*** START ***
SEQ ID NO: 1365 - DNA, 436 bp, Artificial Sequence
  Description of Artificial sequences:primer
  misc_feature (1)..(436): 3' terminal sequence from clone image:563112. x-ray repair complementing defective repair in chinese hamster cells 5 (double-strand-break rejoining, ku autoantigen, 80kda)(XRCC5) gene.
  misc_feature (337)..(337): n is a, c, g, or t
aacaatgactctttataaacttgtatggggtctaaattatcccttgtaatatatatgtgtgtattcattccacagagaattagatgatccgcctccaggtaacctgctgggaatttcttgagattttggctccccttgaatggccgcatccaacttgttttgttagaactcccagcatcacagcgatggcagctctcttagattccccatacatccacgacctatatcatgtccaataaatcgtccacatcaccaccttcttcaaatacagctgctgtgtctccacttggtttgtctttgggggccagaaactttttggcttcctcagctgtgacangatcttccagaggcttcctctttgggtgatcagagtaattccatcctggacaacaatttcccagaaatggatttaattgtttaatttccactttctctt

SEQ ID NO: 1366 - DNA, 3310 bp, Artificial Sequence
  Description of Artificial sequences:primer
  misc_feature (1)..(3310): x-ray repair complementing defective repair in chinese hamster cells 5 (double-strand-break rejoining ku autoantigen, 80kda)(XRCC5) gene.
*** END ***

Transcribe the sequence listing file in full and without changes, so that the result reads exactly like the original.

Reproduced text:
SEQ ID NO: 1365 - DNA, 436 bp, Artificial Sequence
  Description of Artificial sequences:primer
  misc_feature (1)..(436): 3' terminal sequence from clone image:563112. x-ray repair complementing defective repair in chinese hamster cells 5 (double-strand-break rejoining, ku autoantigen, 80kda)(XRCC5) gene.
  misc_feature (337)..(337): n is a, c, g, or t
aacaatgactctttataaacttgtatggggtctaaattatcccttgtaatatatatgtgtgtattcattccacagagaattagatgatccgcctccaggtaacctgctgggaatttcttgagattttggctccccttgaatggccgcatccaacttgttttgttagaactcccagcatcacagcgatggcagctctcttagattccccatacatccacgacctatatcatgtccaataaatcgtccacatcaccaccttcttcaaatacagctgctgtgtctccacttggtttgtctttgggggccagaaactttttggcttcctcagctgtgacangatcttccagaggcttcctctttgggtgatcagagtaattccatcctggacaacaatttcccagaaatggatttaattgtttaatttccactttctctt

SEQ ID NO: 1366 - DNA, 3310 bp, Artificial Sequence
  Description of Artificial sequences:primer
  misc_feature (1)..(3310): x-ray repair complementing defective repair in chinese hamster cells 5 (double-strand-break rejoining ku autoantigen, 80kda)(XRCC5) gene.